Tax Law

California Franchise Tax Board Releases Guidance on New "Economic Nexus" Rules

Authors: Donald J. Fitzgerald | Eric S. Jones

For taxable years beginning on or after January 1, 2011, new "economic nexus" rules came into effect in California. By way of background, "nexus" rules are put into place by states to establish the minimum contacts, or conduct, necessary to establish a sufficient connection (i.e., "nexus") between the business and the state to give the state the legal power to tax the business. The new rules primarily affect out-of-state corporations and pass-through entities and their equity holders that have property, payroll or sales in California. Under the prior rules, a company was considered to have nexus with California if it actively engaged in any transaction for the purpose of financial or pecuniary gain or profit. The new rules expand upon the old standard and are intended to "ensnare" businesses that the old standard did not.

The "economic nexus" rules state that a company will have nexus with California if one of the following tests is met:

  • it is organized or commercially domiciled in California;
  • its sales in California exceed the lesser of $500,000 or 25% of the taxpayer's total sales;
  • its real property and tangible personal property in California exceed the lesser of $50,000 or 25% of the taxpayer's total real property and tangible personal property; or
  • its California payroll exceeds the lesser of $50,000 or 25% of the total compensation paid by the taxpayer.

The sales, property, and payroll of the taxpayer include the taxpayer's pro rata or distributive share of pass-through entities (i.e., a partnership, an LLC treated as a partnership, or an S-Corporation).

Earlier this month, the FTB issued guidance regarding the "economic nexus" rules. The guidance discusses, among other items, whom the rules affect and filing obligations. In addition, the guidance provides the FTB's position, at least to some extent, on the interaction of Public Law ("PL") 86-272 with the rules. PL 86-272 is a federal law that protects certain out-of-state sellers from the imposition of certain types of state taxes. The FTB states in the guidance that if PL 86-272 applies, it cannot impose a tax that is computed based on net income (i.e., the California franchise and income tax). They do however make it clear that if the company has nexus with California and PL 86-272 applies, the company will still be required to pay a minimum tax and satisfy all filing requirements.

Additionally, the guidance provides specific questions and answers to common scenarios facing businesses. Some of the examples, with the FTB's corresponding answers, are listed below:

Q: Corporation B, an out-of-state corporation, has $100,000 in total property, $200,000 in total payroll, $1,000,000 in total sales, of which $400,000 was sales to California customers. Corporation B has no property or payroll in California. Is Corporation B doing business in California?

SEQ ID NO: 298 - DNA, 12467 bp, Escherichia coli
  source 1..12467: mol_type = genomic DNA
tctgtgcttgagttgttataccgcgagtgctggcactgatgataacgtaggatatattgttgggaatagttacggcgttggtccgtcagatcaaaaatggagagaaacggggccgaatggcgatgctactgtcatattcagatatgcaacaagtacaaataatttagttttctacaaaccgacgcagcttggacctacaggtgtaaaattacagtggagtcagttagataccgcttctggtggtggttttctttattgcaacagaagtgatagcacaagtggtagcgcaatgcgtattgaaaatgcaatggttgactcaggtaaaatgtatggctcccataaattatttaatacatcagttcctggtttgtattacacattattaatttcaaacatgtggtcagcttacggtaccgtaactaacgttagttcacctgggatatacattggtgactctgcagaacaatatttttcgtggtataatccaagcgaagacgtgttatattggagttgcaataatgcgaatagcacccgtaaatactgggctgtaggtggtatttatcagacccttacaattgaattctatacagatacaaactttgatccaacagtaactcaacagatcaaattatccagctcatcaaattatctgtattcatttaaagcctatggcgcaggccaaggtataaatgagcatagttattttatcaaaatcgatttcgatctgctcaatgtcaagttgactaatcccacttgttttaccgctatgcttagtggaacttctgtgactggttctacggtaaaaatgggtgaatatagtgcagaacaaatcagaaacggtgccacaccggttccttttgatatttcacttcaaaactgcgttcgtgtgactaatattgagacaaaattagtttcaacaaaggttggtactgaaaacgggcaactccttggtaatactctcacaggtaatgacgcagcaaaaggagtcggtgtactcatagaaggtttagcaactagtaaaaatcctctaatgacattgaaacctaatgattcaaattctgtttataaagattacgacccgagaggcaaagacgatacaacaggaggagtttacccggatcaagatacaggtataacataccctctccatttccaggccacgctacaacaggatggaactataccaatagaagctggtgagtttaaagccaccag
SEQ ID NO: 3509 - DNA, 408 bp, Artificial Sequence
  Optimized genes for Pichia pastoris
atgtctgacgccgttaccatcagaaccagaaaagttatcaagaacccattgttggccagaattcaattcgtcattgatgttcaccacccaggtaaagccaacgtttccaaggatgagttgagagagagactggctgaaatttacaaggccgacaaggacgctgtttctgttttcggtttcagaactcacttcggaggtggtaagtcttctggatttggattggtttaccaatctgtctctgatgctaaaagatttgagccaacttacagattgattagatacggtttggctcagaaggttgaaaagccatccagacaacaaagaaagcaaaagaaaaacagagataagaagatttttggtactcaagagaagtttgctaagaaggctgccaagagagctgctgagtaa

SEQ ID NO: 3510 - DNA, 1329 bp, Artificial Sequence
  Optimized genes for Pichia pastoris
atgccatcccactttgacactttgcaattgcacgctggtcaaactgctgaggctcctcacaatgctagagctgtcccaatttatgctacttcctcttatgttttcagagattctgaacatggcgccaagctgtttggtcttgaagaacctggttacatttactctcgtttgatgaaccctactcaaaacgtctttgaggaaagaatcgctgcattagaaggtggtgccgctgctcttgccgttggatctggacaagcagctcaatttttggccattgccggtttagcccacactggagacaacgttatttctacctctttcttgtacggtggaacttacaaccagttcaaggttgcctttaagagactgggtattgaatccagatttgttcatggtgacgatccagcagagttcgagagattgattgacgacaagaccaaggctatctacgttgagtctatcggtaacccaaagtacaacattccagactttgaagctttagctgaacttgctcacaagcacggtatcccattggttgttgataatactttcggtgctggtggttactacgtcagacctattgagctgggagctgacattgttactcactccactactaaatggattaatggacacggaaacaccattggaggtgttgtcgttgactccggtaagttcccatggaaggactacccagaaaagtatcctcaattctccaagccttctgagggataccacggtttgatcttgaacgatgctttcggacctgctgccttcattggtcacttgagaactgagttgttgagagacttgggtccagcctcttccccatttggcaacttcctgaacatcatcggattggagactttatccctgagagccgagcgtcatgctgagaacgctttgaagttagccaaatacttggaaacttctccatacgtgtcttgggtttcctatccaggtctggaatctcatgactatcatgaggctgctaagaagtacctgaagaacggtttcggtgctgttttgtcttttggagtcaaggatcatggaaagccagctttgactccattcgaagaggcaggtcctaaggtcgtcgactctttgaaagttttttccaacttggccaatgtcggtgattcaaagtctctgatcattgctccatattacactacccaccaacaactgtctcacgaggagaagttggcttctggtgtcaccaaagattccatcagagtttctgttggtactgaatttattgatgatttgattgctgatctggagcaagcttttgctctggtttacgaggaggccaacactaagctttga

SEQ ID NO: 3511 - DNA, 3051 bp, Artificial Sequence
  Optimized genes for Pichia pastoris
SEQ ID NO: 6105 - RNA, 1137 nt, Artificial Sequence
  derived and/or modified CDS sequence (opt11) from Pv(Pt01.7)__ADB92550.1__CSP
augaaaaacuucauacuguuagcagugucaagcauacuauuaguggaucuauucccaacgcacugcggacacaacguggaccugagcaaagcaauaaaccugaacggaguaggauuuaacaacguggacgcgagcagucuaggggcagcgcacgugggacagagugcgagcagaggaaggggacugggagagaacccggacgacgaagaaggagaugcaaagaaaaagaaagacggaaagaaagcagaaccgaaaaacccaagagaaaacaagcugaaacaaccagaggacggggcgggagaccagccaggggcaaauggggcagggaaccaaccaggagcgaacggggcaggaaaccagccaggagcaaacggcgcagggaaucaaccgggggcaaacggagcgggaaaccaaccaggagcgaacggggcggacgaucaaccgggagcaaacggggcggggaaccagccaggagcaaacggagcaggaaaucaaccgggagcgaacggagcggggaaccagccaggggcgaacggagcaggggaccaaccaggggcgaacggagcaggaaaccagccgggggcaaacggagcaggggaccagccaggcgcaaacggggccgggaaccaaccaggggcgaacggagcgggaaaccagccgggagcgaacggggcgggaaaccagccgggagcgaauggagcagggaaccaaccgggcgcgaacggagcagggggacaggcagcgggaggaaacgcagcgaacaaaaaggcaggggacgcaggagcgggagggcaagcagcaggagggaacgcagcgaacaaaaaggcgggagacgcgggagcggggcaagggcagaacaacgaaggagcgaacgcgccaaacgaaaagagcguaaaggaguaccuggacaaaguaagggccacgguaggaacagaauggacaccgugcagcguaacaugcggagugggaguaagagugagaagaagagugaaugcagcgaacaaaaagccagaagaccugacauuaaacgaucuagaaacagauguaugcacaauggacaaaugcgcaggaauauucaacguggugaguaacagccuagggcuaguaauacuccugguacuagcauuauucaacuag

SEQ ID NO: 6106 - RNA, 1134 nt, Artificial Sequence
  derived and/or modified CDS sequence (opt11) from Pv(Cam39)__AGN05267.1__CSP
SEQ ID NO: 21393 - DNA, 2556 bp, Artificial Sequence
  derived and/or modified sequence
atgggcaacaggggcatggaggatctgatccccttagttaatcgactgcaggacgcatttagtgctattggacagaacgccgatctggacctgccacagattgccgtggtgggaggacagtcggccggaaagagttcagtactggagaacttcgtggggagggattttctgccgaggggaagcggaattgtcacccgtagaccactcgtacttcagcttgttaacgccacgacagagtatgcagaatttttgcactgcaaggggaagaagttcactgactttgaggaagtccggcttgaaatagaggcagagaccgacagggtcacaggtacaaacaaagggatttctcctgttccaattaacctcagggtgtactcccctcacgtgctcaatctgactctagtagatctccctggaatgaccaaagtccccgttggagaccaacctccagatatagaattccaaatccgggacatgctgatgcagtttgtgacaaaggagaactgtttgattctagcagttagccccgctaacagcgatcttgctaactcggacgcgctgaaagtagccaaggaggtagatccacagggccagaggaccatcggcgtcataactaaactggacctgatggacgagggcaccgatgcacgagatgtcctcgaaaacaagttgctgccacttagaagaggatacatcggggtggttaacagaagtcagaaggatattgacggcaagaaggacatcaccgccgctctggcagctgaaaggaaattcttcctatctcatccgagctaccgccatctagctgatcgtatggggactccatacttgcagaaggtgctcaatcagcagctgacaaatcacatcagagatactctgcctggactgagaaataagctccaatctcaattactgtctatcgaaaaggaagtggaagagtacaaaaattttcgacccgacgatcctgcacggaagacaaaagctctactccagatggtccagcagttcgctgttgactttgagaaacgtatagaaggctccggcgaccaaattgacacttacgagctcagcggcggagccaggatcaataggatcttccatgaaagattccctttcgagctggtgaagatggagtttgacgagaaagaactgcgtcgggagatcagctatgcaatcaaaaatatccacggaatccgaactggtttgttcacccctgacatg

A: Yes. Although Corporation B's California sales are less than the $500,000 threshold, Corporation B's California sales are 40 percent of its total sales which exceeds 25 percent of the corporation's total sales ($400,000 ÷ 1,000,000 = 40%.).

Q: Partnership A, an out-of-state partnership, has employees who work out of their homes in California. The employees sell and provide warranty work to California customers. Partnership A's property, payroll and sales in California fall below the threshold amounts. Is Partnership A considered to be doing business in California?

A: Yes. Partnership A is considered doing business in California even if the property, payroll and sales in California fall below the threshold amounts. Partnership A is considered doing business in California through its employees because those employees are "actively engaging" in transactions for profit on behalf of Partnership A.

Q: Corporation C, an out-of-state corporation, is a seller of tangible goods over the Internet and qualifies for protection under PL 86-272. For taxable year 2011, Corporation C has $1,000,000 of sales but no property or payroll in California. Is Corporation C considered doing business in California?

A: Yes. Corporation C is considered doing business in California because it has sales of $1,000,000 in California. Therefore, Corporation C must file a California return to pay the minimum tax. However, since Corporation C is protected under PL 86-272, it will not be subject to California franchise tax.

It is possible that the constitutionality of the "economic nexus" rules will be challenged at some point. In fact, Ohio has a similar set of rules, which are currently the subject of litigation. This newsletter is a general summary of the "economic nexus" rules and newly issued guidance, the specific application of which is beyond the scope of this newsletter. The rules contain many defined terms, exceptions and sourcing rules that are critical to the analysis, which are not addressed herein. Manatt, Phelps & Phillips, LLP's tax attorneys stand ready to assist you with any questions you may have.